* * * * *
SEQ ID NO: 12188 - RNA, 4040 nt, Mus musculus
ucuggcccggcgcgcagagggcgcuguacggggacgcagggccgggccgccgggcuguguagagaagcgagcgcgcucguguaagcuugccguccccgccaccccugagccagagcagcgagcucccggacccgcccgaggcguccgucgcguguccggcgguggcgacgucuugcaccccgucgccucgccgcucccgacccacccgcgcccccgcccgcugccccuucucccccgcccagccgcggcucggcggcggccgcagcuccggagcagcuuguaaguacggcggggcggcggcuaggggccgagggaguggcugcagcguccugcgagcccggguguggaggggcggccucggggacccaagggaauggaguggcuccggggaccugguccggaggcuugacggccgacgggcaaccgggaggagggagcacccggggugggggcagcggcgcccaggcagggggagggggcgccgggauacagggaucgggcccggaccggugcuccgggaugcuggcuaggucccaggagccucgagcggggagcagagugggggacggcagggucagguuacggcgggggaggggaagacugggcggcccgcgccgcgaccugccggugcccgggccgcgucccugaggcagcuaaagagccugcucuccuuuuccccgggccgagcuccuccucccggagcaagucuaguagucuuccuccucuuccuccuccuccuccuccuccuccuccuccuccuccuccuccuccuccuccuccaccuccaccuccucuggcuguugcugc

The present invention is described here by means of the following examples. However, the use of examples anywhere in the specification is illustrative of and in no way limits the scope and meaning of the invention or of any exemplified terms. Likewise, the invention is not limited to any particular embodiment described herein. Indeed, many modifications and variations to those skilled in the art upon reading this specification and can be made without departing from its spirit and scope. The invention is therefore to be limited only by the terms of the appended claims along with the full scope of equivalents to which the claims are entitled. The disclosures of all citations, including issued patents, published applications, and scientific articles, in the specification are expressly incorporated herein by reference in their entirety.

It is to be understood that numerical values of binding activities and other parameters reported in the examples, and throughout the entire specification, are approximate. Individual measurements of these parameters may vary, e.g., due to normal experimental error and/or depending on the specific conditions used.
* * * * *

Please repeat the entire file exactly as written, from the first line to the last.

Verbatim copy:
SEQ ID NO: 12188 - RNA, 4040 nt, Mus musculus
ucuggcccggcgcgcagagggcgcuguacggggacgcagggccgggccgccgggcuguguagagaagcgagcgcgcucguguaagcuugccguccccgccaccccugagccagagcagcgagcucccggacccgcccgaggcguccgucgcguguccggcgguggcgacgucuugcaccccgucgccucgccgcucccgacccacccgcgcccccgcccgcugccccuucucccccgcccagccgcggcucggcggcggccgcagcuccggagcagcuuguaaguacggcggggcggcggcuaggggccgagggaguggcugcagcguccugcgagcccggguguggaggggcggccucggggacccaagggaauggaguggcuccggggaccugguccggaggcuugacggccgacgggcaaccgggaggagggagcacccggggugggggcagcggcgcccaggcagggggagggggcgccgggauacagggaucgggcccggaccggugcuccgggaugcuggcuaggucccaggagccucgagcggggagcagagugggggacggcagggucagguuacggcgggggaggggaagacugggcggcccgcgccgcgaccugccggugcccgggccgcgucccugaggcagcuaaagagccugcucuccuuuuccccgggccgagcuccuccucccggagcaagucuaguagucuuccuccucuuccuccuccuccuccuccuccuccuccuccuccuccuccuccuccuccuccuccaccuccaccuccucuggcuguugcugc

The present invention is described here by means of the following examples. However, the use of examples anywhere in the specification is illustrative of and in no way limits the scope and meaning of the invention or of any exemplified terms. Likewise, the invention is not limited to any particular embodiment described herein. Indeed, many modifications and variations to those skilled in the art upon reading this specification and can be made without departing from its spirit and scope. The invention is therefore to be limited only by the terms of the appended claims along with the full scope of equivalents to which the claims are entitled. The disclosures of all citations, including issued patents, published applications, and scientific articles, in the specification are expressly incorporated herein by reference in their entirety.

It is to be understood that numerical values of binding activities and other parameters reported in the examples, and throughout the entire specification, are approximate. Individual measurements of these parameters may vary, e.g., due to normal experimental error and/or depending on the specific conditions used.